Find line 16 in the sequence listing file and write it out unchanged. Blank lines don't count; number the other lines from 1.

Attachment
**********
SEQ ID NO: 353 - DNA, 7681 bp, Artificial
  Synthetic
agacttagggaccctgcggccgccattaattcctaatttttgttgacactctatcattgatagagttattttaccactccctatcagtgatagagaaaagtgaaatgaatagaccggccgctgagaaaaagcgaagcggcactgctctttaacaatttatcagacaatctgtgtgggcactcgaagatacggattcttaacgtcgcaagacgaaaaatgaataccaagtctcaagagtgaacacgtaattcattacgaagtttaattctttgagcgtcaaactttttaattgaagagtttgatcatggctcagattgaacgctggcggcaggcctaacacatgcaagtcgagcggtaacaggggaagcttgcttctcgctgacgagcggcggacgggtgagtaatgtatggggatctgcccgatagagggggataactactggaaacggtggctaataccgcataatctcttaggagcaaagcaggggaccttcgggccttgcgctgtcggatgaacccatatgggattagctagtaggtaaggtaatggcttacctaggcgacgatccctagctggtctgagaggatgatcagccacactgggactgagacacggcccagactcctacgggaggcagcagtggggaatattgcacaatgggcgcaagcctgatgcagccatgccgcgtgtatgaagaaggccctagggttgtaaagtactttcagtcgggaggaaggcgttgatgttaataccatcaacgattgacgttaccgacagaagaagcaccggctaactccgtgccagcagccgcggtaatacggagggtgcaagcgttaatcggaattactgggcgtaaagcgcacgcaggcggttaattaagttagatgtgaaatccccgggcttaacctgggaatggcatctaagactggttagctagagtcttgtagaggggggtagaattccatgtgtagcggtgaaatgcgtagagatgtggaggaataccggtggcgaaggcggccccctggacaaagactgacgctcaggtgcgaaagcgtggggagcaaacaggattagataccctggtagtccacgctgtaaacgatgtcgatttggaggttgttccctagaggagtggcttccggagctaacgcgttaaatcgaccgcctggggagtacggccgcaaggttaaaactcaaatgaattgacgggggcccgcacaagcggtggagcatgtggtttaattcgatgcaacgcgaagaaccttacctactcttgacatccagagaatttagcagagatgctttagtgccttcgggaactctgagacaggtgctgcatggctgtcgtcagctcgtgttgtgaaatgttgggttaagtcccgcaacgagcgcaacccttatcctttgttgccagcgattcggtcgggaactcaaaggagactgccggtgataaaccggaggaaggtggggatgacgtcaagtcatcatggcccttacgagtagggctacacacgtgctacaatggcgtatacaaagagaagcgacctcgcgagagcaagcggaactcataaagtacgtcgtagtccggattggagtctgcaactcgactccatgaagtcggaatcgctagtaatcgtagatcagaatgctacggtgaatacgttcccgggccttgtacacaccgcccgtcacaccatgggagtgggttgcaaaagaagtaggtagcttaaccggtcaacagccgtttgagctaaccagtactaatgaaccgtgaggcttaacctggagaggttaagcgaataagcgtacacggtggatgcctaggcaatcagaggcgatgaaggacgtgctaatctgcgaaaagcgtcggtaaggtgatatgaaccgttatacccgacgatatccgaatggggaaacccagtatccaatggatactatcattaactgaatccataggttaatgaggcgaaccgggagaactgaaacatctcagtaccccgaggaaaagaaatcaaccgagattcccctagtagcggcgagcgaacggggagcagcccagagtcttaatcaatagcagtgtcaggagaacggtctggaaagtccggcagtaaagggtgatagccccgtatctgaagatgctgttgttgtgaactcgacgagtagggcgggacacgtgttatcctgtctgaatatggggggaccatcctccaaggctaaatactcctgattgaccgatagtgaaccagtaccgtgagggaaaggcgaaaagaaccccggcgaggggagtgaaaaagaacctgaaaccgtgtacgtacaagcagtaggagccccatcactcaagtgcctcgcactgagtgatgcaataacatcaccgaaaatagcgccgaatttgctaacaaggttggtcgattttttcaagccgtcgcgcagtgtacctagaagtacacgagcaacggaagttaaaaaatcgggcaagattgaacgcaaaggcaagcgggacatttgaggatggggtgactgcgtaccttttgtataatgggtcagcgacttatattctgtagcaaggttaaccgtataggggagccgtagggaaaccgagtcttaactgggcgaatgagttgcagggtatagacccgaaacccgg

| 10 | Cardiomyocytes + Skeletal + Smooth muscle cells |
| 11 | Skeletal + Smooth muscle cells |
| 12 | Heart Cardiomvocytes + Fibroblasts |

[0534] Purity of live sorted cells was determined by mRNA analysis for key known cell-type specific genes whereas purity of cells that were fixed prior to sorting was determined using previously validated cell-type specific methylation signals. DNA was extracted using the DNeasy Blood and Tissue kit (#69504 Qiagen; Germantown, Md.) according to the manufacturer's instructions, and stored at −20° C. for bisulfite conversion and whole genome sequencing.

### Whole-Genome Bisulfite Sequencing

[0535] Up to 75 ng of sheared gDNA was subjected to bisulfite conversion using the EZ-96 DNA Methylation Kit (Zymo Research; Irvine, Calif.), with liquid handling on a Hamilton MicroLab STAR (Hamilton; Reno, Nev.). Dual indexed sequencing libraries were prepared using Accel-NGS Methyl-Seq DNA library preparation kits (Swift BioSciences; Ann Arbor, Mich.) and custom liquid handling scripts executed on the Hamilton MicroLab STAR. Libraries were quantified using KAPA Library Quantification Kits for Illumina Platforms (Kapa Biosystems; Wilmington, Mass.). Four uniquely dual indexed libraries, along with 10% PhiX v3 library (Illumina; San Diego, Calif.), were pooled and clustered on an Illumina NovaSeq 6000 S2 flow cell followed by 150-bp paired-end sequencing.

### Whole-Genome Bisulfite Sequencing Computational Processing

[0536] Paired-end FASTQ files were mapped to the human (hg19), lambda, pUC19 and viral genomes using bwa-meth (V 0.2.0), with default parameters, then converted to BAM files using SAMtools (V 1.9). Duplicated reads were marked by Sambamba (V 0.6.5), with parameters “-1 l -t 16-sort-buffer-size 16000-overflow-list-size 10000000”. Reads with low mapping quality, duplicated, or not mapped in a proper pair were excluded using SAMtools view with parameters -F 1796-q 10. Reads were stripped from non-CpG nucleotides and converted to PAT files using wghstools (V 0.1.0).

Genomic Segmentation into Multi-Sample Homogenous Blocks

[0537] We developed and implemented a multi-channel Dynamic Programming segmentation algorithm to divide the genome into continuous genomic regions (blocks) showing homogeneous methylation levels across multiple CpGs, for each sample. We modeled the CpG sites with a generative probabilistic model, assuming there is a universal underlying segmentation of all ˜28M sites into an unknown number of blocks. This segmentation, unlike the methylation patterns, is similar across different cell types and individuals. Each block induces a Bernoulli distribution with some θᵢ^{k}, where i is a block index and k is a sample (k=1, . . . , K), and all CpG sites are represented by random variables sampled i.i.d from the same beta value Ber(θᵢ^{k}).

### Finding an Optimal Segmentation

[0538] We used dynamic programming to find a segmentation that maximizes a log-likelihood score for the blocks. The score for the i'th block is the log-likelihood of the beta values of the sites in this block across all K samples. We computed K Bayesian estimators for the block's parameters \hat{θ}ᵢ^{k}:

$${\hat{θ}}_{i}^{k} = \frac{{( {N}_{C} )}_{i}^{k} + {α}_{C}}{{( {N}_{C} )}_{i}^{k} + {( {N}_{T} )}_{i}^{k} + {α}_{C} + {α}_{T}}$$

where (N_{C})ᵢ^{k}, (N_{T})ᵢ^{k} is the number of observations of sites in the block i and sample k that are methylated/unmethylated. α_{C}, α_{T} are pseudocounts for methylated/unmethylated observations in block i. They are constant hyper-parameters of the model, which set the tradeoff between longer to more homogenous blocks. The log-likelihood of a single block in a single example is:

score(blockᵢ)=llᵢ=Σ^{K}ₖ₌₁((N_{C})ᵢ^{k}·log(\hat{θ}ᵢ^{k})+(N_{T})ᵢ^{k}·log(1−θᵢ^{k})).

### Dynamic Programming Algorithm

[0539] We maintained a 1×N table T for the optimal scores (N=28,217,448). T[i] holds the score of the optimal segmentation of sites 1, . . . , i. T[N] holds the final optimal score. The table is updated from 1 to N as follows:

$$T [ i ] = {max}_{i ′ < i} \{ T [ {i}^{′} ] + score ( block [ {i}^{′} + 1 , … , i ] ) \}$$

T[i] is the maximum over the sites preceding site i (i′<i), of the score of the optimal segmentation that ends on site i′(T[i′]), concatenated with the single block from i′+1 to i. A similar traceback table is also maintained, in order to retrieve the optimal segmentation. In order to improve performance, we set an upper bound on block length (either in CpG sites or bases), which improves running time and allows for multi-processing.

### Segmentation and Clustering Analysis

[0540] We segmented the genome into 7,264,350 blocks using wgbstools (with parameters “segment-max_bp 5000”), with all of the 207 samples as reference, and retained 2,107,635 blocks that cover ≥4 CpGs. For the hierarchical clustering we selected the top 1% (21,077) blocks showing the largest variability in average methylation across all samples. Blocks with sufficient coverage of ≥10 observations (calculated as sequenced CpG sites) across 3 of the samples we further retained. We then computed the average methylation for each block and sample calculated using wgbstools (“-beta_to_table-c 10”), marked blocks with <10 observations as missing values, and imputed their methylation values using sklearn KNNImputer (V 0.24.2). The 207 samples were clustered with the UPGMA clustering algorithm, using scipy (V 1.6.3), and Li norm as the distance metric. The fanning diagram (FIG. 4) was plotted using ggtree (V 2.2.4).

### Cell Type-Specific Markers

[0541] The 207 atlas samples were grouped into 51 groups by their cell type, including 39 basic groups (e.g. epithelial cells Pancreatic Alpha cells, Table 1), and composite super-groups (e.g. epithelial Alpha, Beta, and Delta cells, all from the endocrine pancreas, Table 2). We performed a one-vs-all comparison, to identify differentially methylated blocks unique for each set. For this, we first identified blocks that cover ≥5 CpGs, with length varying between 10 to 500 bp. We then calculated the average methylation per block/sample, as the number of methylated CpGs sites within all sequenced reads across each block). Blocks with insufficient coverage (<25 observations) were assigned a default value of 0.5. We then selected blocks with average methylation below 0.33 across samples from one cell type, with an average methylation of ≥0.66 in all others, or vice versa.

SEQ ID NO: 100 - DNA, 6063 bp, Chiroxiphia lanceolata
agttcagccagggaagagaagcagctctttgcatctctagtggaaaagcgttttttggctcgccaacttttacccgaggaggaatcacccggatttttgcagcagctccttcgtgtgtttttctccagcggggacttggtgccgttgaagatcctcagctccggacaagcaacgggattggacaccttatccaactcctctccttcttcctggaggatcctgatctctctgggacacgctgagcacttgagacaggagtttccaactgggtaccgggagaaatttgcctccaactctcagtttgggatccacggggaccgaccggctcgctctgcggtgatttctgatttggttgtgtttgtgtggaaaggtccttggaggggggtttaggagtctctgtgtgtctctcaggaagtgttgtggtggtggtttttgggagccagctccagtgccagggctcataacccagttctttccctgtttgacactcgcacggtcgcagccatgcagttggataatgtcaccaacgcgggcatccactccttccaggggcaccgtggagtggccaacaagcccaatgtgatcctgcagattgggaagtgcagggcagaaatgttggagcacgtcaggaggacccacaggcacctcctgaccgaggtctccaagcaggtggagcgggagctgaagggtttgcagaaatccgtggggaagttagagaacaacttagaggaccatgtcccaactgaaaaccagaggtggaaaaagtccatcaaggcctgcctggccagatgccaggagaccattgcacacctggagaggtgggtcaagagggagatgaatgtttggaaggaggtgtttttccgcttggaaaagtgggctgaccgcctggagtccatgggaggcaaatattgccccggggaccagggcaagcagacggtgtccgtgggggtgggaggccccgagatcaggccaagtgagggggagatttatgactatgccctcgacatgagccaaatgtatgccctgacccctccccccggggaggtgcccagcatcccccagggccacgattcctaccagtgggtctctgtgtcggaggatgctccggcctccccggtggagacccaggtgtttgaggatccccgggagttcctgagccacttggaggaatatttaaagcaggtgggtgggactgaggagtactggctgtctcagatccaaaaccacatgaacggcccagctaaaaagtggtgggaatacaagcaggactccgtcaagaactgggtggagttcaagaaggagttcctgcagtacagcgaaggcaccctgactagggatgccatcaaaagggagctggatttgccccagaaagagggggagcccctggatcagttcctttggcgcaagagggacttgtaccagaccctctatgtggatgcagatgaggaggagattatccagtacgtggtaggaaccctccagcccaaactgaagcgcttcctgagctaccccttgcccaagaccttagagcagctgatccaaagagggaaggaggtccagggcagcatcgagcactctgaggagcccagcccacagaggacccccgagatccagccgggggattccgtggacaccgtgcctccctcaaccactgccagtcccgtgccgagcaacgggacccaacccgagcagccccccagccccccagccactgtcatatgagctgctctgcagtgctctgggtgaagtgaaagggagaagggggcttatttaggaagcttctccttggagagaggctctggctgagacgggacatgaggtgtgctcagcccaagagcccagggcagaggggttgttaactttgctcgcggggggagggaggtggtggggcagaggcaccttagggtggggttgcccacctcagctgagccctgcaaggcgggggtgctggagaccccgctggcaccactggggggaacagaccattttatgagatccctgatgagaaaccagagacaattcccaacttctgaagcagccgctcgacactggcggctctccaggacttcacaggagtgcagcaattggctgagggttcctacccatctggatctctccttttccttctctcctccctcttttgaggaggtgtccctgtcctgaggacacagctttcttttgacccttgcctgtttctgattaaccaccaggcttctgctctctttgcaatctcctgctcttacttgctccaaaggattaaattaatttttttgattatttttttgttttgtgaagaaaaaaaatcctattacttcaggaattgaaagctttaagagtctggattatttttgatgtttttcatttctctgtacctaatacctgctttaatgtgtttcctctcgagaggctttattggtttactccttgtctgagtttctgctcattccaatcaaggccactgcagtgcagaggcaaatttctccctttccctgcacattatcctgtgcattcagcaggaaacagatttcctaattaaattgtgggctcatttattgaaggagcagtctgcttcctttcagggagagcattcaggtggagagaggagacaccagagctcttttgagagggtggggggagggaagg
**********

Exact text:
$${\hat{θ}}_{i}^{k} = \frac{{( {N}_{C} )}_{i}^{k} + {α}_{C}}{{( {N}_{C} )}_{i}^{k} + {( {N}_{T} )}_{i}^{k} + {α}_{C} + {α}_{T}}$$